The Terrine de volaille for starters was all we needed to put us in the mood to enjoy this great home-made meal.


This shredded beet and carrot salad was a favorite with our group--we all made sure not to drop any in our laps.


Next, we savored a fricassée de pintade (a guinea hen) with a  cocoa and orange sauce.  Finger-licking good--move over KFC!


Although not from Noirmoutier (the best place in the world for potatoes--our visit last Tuesday), these home-grown potatoes were a perfect accompaniment to the fricassée de pintade.


Incredibly, every cheese on the platter were made at the farm.  The bottom three are varieties of goat cheeses, while the upper ones were made from cow's milk.  Some of the students will never forget this cheese plate--isn't that right, Allison, Tory and Peggy?


For dessert, we had a choice of Charlotte aux fraises or au chocolat--if you put your ear next to the computer, you might just hear the sighs of satisfaction!


Instead of the nap we all needed, the other Drs. Lastingkoff propose a boat ride in the Venise Verte.


Don't be mistaken--this is hard work as our students listen to the local guides commentary on the history and the wildlife in this area.


Now that's a happy boat!


The frênes tétard, the trees bordering the channels, play an important role in the ecology of the local bio-system as they naturally hold the banks in place, as well as provide habitats for aquatic life. 


Oh, how peaceful it is . . .


Jacques Martin, who has guided several boatloads of Vendéens in the past, demontrates how the nasse or bosselle works to trap eels, a local delicacy that is great on the barbecue.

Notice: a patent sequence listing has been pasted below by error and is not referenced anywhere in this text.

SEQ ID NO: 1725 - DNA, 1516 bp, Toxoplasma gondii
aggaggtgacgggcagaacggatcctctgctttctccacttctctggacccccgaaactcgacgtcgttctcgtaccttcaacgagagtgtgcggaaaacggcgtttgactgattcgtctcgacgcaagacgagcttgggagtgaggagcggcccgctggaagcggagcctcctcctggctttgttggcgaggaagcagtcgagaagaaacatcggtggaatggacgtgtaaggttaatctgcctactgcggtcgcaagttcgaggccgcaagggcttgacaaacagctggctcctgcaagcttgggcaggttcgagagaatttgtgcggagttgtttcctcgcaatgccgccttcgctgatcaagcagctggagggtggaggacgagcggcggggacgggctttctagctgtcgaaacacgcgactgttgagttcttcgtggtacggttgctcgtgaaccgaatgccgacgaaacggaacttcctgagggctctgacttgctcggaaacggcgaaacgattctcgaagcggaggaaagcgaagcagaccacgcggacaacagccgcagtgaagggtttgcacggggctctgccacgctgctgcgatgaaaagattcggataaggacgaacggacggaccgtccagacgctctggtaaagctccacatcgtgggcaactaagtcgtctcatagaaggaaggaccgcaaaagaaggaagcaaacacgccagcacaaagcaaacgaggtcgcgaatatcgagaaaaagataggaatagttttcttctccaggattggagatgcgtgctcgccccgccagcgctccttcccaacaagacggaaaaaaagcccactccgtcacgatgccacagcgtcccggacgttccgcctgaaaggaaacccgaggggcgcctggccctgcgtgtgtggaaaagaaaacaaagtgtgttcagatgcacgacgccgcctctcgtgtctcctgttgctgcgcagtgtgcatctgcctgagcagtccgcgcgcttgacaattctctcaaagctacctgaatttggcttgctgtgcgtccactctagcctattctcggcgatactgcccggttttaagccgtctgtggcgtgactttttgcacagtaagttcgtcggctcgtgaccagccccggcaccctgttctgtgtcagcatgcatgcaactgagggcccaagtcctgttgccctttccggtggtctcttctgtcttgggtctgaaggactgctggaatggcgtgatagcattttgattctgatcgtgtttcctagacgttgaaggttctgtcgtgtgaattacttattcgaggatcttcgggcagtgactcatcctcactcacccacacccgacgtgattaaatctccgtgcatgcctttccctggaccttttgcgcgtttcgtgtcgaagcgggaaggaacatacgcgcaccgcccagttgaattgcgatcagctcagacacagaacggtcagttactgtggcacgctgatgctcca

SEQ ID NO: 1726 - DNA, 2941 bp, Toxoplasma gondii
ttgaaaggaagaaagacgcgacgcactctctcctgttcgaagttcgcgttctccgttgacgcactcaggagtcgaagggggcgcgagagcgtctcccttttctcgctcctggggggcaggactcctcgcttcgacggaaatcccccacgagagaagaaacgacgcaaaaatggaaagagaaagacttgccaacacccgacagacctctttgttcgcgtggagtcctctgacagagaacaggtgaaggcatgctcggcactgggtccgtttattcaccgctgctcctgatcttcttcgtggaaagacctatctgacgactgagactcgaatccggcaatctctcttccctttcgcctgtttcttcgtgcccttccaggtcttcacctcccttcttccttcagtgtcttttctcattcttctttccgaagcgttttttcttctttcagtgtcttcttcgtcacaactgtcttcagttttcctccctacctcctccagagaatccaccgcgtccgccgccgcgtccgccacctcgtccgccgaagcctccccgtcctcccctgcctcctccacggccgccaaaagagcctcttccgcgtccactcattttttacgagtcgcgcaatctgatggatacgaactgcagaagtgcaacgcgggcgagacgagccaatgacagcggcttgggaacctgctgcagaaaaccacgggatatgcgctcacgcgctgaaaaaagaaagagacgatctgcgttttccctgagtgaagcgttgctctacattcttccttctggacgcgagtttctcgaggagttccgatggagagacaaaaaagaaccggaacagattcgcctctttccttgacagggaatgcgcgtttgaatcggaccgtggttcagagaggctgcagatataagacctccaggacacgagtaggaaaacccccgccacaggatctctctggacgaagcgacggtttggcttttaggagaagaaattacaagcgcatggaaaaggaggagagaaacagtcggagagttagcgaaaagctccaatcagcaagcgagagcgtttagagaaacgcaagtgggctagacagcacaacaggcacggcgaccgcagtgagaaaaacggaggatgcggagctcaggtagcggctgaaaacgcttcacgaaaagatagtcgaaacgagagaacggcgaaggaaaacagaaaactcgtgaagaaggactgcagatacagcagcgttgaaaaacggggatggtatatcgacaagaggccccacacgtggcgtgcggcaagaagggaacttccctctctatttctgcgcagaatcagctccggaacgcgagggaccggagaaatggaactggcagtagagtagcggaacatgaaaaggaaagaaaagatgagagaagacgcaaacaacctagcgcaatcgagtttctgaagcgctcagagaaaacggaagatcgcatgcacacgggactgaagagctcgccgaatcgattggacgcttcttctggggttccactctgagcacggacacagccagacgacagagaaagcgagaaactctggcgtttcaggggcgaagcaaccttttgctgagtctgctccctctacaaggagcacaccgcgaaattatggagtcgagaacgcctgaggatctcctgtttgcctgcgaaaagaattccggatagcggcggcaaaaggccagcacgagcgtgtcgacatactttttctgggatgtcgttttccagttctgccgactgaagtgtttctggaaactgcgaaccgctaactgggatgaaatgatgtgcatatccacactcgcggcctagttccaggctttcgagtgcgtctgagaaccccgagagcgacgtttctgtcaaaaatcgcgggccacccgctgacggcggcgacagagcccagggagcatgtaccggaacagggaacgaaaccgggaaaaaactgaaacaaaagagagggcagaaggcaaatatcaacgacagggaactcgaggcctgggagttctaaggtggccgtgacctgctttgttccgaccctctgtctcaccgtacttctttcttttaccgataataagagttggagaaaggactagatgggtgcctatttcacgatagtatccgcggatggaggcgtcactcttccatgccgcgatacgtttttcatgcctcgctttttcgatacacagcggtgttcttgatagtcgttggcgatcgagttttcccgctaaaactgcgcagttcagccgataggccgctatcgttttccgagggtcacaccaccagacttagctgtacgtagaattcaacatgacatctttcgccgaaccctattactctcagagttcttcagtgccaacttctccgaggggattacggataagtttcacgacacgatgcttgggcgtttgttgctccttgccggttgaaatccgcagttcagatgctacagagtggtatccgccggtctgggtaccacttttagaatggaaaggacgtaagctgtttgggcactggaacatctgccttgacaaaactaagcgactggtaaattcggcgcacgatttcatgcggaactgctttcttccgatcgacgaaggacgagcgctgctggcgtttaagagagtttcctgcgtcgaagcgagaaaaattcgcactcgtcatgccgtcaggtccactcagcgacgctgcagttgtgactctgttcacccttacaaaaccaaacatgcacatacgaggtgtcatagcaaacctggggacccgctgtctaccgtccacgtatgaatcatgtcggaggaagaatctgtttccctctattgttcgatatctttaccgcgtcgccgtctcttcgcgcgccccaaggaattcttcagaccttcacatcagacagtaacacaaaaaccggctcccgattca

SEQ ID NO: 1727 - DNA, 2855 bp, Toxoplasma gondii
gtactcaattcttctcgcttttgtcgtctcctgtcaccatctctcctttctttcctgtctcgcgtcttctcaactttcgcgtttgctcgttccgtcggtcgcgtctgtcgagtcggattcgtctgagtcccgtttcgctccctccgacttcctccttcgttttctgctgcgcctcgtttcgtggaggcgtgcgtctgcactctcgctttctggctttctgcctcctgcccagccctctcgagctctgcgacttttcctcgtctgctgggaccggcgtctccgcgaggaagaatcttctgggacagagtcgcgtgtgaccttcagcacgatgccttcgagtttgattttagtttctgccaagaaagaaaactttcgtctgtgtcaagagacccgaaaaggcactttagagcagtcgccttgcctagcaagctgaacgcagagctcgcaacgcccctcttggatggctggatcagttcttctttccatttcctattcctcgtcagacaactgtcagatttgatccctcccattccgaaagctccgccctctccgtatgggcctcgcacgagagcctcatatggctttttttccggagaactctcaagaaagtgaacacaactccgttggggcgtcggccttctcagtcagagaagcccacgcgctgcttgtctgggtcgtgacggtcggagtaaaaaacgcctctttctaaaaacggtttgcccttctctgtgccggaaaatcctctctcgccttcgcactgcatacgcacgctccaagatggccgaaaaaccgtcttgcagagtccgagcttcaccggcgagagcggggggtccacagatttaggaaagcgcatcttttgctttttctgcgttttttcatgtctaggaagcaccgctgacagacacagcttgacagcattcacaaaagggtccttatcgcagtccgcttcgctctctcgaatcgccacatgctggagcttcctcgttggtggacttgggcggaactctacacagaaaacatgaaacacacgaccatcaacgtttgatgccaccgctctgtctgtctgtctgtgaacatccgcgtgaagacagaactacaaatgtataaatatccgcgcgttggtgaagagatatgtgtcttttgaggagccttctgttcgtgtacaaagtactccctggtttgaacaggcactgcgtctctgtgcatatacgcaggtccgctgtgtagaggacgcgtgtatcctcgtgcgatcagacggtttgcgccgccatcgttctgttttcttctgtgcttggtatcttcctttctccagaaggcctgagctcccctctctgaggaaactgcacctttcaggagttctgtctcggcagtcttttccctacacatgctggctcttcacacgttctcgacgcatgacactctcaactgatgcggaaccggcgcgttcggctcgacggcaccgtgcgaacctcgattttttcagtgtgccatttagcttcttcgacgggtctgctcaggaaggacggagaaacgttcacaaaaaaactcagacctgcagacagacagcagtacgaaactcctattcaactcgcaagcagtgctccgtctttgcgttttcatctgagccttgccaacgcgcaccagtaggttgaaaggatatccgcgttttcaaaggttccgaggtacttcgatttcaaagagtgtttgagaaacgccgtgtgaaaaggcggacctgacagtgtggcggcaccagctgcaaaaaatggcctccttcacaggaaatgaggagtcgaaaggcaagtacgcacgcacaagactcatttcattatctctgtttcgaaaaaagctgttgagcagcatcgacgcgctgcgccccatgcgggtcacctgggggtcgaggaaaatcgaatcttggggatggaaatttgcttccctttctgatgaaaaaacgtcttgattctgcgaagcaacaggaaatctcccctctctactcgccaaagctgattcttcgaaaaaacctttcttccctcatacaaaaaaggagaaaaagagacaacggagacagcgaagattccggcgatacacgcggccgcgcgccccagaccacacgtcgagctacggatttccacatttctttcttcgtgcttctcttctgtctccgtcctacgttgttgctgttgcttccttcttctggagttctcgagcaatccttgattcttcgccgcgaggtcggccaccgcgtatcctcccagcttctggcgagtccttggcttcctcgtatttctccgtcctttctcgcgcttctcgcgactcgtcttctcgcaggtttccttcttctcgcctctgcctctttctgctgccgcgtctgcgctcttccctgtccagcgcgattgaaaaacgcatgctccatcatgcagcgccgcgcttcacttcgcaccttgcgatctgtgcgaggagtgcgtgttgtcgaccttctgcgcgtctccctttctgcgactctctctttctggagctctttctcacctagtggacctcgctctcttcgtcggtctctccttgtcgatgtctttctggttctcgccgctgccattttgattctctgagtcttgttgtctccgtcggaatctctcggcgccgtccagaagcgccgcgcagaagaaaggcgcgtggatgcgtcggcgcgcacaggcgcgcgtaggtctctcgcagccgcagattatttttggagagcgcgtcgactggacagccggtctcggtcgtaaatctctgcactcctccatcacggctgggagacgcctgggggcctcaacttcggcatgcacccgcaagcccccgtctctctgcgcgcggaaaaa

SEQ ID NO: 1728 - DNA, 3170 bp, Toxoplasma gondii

What a magnificent way to enjoy this hidden treasure, inaccessible by any other means than the "plates," the local flat boats in which we are riding.


Our guides proudly demonstrate the strange phenomenon of being able to light the water on fire--actually, they've purposefully disturbed a pocket of methane gas that has been trapped in the thick mud below.  Impressive anyway!


Here we see why this area is called the Venise verte, the Green Venice.  At this time of year, the surface of the water is covered with green, pea-like plant particles, otherwise known as "duckweed."


After Green Venice, we are off to the town of Vouvant, which lays claim to the famous Mélusine tower that we are about to see.  In the meantime, Groupe Mélusine with Emily, Peggy, Liz and Kaitlynn, proudly poses under a rendition of the half-woman, half-serpent creature from the tale bearing her name.


They are now at the base of the tower . . .


. . .from whence she flew out of the window in the form of a flying dragon to escape her manipulative, nosy husband.


Legend has it that her body dissipated into the air, leaving the scales from her tail to fall gently onto the surface of the rivers of Vendée.  If you look carefully in this picture, you can still see her presence in the ripples on the water to the right.


Our heads filled with visions of "Ladies of Lands and Lakes," we take one last minute to enjoy our peaceful surroundings.  It's been a long but magical day, n'est-ce pas?


Dr. Mike has the situation firmly under control as he checks that his holster is set for our next adventures.  A la prochaine!



Please send e-mail to   V. Lastinger or J. Orlikoff to provide feedback about this page.